Justice, Equity, Diversity, & Inclusion


Call to Action

“To elevate geosciences in diverse communities… create a welcoming community for all” — Statement of Purpose, Science and Society Section

AGU Science and Society (SY) section leadership strongly echo the sentiments of the AGU endorsed Call to Action: “Scientists should... act out against racism and police violence as a matter of basic humanity.” Going forward, we commit to explicitly building an anti-racist science community. We urge all Fall Meeting conveners to thoughtfully plan on integrating justice, equity, diversity, and inclusion (JEDI) into your sessions. Please use the JEDI Guide below.

Fall 2020 SY Social Science Session

JEDI Guide for Session Conveners

We, the Science and Society Executive Committee, strongly encourage session conveners to proactively promote justice, equity, diversity, and inclusion (JEDI) for the AGU Meeting, particularly at three times: (A) when inviting presenters, (B) when selecting oral and poster abstracts, and (C) when planning the session agenda. Based on Inclusive Scientific Meetings: Where to Start (Pendergrass et al 2019), we strongly suggest commiting to JEDI actions below with your planning team.

(A) June-July: When inviting presenters

  1. Commit to inviting diverse speakers, considering career stage, race, ethnicity, geography, primary language, gender identity, disability, etc.
  2. Schedule extra time to plan for and identify speakers, including meetings with potential invitees to explain the benefits. If unfamiliar with AGU, share this FAQ.
  3. Push yourself to look outside your immediate network. Consider people whose work you may have limited familiarity with.
  4. Identify missing voices and perspectives in the field.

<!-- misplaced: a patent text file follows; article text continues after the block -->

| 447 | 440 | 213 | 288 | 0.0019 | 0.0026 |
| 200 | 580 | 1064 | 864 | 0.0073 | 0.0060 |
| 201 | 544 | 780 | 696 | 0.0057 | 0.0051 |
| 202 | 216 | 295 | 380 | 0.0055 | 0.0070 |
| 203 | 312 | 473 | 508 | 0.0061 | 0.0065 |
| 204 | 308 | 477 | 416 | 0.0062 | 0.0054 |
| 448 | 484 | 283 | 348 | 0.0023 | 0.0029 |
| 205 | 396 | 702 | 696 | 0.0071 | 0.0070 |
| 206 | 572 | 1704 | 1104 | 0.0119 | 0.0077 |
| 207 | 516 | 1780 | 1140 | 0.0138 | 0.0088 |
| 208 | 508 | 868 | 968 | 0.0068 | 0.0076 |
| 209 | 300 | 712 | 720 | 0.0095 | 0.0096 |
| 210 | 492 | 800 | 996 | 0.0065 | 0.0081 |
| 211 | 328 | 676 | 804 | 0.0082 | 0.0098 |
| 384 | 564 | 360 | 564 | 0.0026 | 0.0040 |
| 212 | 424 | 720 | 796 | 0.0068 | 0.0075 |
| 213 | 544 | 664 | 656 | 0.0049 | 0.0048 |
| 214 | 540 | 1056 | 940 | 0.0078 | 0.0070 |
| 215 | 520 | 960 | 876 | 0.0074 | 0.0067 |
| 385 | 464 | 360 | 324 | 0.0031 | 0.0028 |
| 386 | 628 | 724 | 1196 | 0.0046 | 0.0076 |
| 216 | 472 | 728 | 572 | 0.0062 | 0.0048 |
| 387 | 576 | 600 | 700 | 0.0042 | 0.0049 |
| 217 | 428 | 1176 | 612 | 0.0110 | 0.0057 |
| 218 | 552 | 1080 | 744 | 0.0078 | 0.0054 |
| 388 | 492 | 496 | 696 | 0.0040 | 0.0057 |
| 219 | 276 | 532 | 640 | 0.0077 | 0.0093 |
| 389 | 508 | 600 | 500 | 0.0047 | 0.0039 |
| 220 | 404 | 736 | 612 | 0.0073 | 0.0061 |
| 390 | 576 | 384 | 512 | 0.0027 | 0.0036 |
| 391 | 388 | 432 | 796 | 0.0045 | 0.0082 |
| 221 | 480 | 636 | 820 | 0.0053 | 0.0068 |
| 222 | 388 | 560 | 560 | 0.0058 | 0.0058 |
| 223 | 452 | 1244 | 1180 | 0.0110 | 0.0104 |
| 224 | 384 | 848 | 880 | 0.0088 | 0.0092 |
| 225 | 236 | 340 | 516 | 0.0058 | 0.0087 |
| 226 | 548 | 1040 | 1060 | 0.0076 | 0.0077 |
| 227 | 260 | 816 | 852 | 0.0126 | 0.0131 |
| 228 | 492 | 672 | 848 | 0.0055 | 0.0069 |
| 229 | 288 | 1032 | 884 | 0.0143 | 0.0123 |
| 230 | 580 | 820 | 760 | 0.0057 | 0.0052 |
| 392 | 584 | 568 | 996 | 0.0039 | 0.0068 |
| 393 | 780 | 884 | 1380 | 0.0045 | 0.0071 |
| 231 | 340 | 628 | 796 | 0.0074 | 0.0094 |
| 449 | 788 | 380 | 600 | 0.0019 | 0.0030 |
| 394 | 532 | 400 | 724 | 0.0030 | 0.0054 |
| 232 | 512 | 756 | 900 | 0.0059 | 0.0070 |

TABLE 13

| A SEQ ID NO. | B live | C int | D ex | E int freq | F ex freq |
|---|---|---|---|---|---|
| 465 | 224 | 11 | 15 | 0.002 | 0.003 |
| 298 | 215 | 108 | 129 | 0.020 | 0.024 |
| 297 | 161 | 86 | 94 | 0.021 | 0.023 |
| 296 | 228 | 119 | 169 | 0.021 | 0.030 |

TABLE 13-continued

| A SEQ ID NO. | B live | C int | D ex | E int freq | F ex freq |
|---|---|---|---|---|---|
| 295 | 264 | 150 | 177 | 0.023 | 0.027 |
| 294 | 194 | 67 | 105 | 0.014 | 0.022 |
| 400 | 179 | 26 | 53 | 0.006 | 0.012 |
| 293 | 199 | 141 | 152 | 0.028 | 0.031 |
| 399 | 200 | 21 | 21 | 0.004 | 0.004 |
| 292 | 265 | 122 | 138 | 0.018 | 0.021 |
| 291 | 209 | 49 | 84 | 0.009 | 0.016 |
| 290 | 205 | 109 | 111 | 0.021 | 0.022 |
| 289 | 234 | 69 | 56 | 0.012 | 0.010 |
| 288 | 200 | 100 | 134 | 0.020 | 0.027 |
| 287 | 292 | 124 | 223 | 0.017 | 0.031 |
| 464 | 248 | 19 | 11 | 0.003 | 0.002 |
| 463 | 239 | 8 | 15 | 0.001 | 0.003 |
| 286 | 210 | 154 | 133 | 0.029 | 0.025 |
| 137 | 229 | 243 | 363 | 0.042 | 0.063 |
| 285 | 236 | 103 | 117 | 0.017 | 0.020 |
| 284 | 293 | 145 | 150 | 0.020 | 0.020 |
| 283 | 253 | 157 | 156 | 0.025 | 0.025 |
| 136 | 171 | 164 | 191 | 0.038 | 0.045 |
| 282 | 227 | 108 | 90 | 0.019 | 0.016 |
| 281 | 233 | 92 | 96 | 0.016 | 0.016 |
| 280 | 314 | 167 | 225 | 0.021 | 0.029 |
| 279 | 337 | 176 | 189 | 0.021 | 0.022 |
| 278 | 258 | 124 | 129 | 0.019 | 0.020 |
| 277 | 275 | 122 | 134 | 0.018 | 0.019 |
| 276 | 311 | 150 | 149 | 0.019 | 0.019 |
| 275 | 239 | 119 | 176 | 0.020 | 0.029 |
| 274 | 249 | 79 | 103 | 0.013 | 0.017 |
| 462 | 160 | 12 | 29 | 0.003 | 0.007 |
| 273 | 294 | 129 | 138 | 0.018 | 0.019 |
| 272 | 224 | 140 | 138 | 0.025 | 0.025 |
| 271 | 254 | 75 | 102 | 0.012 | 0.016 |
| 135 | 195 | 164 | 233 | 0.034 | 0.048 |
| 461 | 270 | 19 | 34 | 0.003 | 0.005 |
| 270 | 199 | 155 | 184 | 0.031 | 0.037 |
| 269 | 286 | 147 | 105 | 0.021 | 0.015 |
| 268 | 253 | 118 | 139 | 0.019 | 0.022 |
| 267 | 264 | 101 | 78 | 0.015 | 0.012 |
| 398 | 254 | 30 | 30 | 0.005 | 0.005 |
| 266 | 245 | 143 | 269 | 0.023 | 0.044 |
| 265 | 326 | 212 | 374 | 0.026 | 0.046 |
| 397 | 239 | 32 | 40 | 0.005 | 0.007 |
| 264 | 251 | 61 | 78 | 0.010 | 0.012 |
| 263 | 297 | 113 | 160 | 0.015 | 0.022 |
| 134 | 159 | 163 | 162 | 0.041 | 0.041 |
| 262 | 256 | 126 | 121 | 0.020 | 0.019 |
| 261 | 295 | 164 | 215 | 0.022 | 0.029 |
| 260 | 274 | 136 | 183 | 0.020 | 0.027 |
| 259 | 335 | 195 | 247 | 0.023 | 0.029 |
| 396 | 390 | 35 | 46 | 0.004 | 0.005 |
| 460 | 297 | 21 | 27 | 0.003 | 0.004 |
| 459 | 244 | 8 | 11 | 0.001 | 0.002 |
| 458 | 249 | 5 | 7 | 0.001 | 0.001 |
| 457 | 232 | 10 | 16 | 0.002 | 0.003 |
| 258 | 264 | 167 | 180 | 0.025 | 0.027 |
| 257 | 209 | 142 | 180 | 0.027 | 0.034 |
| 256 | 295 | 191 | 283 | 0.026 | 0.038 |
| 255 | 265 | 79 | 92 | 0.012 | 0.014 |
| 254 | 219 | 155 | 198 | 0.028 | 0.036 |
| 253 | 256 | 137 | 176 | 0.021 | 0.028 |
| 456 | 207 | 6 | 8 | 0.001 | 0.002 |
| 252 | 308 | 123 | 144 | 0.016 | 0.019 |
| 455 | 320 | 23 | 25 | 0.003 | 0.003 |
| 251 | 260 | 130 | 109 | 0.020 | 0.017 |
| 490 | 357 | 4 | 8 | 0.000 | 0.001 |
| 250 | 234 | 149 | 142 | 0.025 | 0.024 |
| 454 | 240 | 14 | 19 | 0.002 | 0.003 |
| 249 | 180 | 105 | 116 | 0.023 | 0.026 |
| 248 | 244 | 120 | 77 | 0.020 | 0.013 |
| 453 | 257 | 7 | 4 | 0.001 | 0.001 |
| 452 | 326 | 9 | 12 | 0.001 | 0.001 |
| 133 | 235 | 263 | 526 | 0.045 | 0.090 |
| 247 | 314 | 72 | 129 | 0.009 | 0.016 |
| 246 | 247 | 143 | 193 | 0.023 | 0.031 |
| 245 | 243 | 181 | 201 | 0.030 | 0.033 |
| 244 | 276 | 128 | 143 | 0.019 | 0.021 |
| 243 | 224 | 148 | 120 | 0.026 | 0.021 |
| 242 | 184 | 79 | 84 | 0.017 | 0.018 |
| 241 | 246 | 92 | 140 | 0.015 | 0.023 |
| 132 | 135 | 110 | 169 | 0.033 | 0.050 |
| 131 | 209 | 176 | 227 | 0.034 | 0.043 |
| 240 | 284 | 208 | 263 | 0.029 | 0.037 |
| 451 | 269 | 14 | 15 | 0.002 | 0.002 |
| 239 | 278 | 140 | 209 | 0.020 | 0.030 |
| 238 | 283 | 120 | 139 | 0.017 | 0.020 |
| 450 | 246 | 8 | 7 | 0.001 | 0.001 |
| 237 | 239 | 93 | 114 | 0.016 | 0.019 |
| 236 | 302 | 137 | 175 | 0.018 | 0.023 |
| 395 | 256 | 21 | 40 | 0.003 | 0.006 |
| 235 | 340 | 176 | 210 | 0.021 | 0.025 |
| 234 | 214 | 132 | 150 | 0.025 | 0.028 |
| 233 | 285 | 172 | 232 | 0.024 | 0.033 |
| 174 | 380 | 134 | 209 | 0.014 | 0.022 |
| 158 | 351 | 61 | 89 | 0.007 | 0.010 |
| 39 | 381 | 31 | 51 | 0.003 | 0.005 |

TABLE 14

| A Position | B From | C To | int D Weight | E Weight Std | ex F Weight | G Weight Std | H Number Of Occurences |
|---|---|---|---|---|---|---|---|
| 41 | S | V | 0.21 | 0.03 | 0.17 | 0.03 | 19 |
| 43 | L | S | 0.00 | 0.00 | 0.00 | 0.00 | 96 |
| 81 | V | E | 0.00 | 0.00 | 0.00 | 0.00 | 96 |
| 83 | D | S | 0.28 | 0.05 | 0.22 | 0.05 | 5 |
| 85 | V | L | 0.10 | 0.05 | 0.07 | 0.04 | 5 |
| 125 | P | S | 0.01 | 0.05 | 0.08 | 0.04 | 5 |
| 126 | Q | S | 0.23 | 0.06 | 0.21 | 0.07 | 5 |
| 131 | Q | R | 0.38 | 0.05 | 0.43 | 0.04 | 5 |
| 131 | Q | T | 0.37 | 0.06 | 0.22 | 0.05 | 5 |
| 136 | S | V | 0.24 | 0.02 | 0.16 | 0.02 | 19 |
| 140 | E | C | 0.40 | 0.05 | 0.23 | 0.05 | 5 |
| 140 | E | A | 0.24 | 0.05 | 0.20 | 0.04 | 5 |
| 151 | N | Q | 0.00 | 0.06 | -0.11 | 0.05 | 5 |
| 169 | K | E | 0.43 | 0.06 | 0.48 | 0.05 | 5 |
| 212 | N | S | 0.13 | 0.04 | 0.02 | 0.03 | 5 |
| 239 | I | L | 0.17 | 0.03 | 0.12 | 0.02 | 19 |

5. Contact different institutions (e.g., community colleges, Minority-Serving Institutions, disciplinary associations, think tanks).
    Include contributions beyond academia, such as public engagement, policymaking, mentoring, advancement of inclusivity, etc. 

(B) July-Aug: When selecting abstracts

  1. Develop evaluation criteria before reviewing abstracts for both oral and poster sessions.
  2. Include JEDI metrics in the evaluation criteria, e.g., social impact, community engagement, novel perspectives or approaches, advancing equity and justice, etc.
  3. Have more than one session convener evaluate the abstracts.
  4. Conduct a blind first-round evaluation without looking at abstract names and organizations, followed by a second round with JEDI considerations.
  5. Reflect on your own implicit biases.
  6. Evaluate whether the final list of presenters (for both oral and poster sessions) represent different voices and perspectives including (but not limited to) career stage, race, ethnicity, geography, gender, and other axes of identity.

(C) Aug-Dec: When planning the session agenda

  1. Prepare questions to ask presenters about JEDI considerations, for example:

    • How does (or could) your work incorporate JEDI? 

    • Who is involved? (e.g., Who is conducting the research? Who is the research being shared with? Which populations or locations are you working with? What communities are impacted by this work? 

    • Are there JEDI relevant data, literature, or experiences you are drawing from or that may be relevant to your work?

    • What are challenges in including JEDI considerations within your work or geosciences in general (e.g., working with social vulnerability data or engaging with marginalized communities)?

    • How can geoscientists (as individuals, as institutions, and as a community) do better in terms of integrating JEDI considerations in their research and workplace?

    • Do your learnings on JEDI translate to other countries’ contexts? When, where, and how? Are there different perspectives for looking at JEDI issues that we should consider as we move over country borders? How can we learn across regions on JEDI issues?

  2. Include underrepresented voices during Q&A

    • Make welcoming statements, especially about inclusion.

    • Verbally summarize AGU’s Code of Conduct.

    • Carefully consider who is chosen to ask the first question.

    • Be mindful of: Who are you focusing on? Are you leaving out unfamiliar or younger attendees, people whose names you cannot pronounce?

    • Based on Inclusive Scientific Meetings: Where to Start (pp. 10-11, Pendergrass et al 2019)

  3. Evaluate JEDI representation

    • Who is presenting?

    • Who is in the audience? Who is asking questions?

    • Are there key groups that we are missing?